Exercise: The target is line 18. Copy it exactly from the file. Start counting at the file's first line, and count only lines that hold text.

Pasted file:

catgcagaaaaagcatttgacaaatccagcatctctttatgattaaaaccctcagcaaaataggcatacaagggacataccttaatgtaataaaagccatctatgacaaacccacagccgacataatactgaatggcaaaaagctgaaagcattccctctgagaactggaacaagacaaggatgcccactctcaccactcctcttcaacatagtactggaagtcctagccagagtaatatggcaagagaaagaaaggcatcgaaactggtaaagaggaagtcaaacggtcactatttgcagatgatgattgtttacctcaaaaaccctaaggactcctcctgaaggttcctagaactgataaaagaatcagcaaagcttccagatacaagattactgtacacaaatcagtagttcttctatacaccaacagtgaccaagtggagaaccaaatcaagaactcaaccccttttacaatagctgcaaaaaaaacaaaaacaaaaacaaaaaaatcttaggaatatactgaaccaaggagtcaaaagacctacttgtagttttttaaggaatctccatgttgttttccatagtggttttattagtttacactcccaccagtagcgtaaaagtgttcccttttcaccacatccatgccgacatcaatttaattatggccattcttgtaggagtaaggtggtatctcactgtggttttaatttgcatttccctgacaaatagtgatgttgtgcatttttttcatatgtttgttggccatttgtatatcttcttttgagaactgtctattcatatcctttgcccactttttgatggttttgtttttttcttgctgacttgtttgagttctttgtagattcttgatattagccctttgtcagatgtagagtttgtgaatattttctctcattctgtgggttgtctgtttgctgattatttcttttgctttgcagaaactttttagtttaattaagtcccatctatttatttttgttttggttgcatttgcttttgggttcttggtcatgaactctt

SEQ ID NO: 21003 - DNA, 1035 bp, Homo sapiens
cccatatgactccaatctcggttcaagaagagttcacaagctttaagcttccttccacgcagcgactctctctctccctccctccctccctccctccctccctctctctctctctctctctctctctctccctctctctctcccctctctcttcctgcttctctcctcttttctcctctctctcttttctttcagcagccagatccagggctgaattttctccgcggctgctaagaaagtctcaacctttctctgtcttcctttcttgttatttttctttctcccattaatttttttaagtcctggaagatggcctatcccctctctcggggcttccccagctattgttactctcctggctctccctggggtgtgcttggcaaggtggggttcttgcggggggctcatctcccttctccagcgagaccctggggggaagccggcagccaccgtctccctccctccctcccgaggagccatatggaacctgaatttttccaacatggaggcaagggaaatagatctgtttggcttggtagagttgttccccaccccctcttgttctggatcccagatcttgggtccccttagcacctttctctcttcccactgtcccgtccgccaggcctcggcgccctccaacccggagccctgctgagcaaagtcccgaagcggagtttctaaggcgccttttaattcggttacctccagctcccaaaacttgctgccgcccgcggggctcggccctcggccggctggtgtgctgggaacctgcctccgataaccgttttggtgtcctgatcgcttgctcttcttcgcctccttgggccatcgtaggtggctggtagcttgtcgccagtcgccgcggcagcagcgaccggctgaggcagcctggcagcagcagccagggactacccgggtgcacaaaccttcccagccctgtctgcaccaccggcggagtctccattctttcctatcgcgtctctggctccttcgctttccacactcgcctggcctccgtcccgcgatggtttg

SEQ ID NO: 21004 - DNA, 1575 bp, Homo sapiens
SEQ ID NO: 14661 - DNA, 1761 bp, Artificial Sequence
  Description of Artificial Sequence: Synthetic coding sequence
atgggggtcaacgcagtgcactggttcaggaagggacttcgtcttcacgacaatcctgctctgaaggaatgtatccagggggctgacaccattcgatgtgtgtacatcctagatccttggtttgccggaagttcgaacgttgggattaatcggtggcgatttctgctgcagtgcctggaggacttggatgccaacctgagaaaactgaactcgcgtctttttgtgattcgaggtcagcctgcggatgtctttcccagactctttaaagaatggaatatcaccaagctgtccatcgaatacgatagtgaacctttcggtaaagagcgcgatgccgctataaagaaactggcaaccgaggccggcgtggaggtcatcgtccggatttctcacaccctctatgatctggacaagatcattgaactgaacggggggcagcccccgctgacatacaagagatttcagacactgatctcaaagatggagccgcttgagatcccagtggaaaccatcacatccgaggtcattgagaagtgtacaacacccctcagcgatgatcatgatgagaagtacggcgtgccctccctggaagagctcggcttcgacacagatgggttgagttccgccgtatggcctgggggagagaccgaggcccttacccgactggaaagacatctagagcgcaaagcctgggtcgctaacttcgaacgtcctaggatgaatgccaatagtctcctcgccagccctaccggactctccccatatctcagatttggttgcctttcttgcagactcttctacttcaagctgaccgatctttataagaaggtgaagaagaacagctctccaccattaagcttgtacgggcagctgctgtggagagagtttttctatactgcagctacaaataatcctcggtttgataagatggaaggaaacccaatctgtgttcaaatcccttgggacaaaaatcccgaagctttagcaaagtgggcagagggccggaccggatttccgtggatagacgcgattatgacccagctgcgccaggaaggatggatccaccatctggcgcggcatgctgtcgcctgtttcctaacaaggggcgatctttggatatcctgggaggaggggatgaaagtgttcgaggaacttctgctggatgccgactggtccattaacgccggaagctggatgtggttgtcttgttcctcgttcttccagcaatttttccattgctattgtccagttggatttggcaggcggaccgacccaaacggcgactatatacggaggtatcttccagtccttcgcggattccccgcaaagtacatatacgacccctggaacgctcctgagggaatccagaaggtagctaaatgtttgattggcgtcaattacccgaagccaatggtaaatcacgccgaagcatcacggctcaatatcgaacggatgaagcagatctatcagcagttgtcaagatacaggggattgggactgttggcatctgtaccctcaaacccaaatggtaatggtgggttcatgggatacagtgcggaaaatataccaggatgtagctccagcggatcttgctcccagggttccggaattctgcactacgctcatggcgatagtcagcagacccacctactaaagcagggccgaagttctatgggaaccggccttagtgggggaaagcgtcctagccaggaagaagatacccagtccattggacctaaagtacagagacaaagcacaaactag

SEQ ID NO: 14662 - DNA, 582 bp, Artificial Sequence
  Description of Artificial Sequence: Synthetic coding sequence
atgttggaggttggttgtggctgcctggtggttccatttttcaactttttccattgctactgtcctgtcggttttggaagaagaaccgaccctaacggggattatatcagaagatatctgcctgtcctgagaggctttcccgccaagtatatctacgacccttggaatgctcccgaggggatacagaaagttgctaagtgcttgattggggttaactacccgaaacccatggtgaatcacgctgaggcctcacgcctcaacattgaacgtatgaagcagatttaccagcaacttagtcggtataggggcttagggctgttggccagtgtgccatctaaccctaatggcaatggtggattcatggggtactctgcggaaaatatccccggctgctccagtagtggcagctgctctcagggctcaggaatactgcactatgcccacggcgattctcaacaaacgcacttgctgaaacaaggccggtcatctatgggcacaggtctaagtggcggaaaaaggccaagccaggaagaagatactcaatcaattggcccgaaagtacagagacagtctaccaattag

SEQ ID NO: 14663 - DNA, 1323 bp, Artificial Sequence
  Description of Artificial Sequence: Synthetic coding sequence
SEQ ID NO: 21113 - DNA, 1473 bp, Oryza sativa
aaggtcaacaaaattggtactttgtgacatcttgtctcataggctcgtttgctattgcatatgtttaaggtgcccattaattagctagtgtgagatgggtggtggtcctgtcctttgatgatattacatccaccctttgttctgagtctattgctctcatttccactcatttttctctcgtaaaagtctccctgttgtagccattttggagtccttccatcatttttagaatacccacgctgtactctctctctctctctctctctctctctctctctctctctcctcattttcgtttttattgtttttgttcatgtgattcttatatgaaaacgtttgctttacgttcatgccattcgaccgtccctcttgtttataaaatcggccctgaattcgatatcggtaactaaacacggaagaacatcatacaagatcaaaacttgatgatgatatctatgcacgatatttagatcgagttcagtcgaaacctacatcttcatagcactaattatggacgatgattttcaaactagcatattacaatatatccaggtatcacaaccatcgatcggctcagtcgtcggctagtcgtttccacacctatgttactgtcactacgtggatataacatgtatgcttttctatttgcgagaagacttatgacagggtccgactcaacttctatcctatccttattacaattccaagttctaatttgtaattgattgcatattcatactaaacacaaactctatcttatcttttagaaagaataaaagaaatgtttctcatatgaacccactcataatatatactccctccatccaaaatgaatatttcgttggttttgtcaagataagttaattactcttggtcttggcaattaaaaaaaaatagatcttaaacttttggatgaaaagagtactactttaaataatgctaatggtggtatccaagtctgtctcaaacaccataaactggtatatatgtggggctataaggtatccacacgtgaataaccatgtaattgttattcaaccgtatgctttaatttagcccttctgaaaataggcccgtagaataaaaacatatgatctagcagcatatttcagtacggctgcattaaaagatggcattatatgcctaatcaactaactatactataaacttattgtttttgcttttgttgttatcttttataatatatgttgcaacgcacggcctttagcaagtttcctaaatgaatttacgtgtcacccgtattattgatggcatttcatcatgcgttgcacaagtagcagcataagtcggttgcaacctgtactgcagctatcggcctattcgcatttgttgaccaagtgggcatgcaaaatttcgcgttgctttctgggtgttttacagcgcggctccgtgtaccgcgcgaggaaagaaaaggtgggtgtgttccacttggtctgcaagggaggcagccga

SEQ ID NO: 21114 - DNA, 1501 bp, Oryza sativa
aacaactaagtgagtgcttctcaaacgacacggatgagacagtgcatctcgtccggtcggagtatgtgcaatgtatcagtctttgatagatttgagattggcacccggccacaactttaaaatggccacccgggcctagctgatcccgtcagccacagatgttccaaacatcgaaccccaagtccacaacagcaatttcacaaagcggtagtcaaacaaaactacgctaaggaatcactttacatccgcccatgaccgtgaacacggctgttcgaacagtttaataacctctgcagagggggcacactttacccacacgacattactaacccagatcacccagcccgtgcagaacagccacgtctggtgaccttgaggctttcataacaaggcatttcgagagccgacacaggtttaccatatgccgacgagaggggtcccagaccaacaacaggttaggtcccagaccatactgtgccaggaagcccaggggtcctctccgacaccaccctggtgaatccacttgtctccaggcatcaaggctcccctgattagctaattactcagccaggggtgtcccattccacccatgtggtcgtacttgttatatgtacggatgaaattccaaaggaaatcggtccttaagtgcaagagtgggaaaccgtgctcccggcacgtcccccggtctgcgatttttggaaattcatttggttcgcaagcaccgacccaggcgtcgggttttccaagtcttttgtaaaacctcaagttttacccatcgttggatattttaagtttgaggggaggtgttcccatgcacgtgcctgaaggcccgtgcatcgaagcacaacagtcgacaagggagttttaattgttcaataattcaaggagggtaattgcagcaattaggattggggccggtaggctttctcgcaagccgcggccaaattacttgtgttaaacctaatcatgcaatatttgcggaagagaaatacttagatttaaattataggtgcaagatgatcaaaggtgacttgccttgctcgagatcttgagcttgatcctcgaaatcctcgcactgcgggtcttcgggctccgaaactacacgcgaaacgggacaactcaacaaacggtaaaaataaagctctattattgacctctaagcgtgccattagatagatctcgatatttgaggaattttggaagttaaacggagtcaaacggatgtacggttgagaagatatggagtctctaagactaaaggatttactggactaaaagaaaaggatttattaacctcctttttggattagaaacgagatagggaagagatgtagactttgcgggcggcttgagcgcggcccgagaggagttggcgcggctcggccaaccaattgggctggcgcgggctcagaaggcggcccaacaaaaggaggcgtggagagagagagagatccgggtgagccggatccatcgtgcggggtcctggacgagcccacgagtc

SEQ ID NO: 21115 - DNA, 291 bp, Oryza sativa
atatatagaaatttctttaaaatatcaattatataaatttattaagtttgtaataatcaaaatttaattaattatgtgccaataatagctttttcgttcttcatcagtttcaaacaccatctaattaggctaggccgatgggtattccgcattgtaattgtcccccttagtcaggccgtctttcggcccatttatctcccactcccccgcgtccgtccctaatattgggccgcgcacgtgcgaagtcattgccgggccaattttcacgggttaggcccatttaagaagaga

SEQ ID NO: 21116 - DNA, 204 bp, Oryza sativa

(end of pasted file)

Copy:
atatatagaaatttctttaaaatatcaattatataaatttattaagtttgtaataatcaaaatttaattaattatgtgccaataatagctttttcgttcttcatcagtttcaaacaccatctaattaggctaggccgatgggtattccgcattgtaattgtcccccttagtcaggccgtctttcggcccatttatctcccactcccccgcgtccgtccctaatattgggccgcgcacgtgcgaagtcattgccgggccaattttcacgggttaggcccatttaagaagaga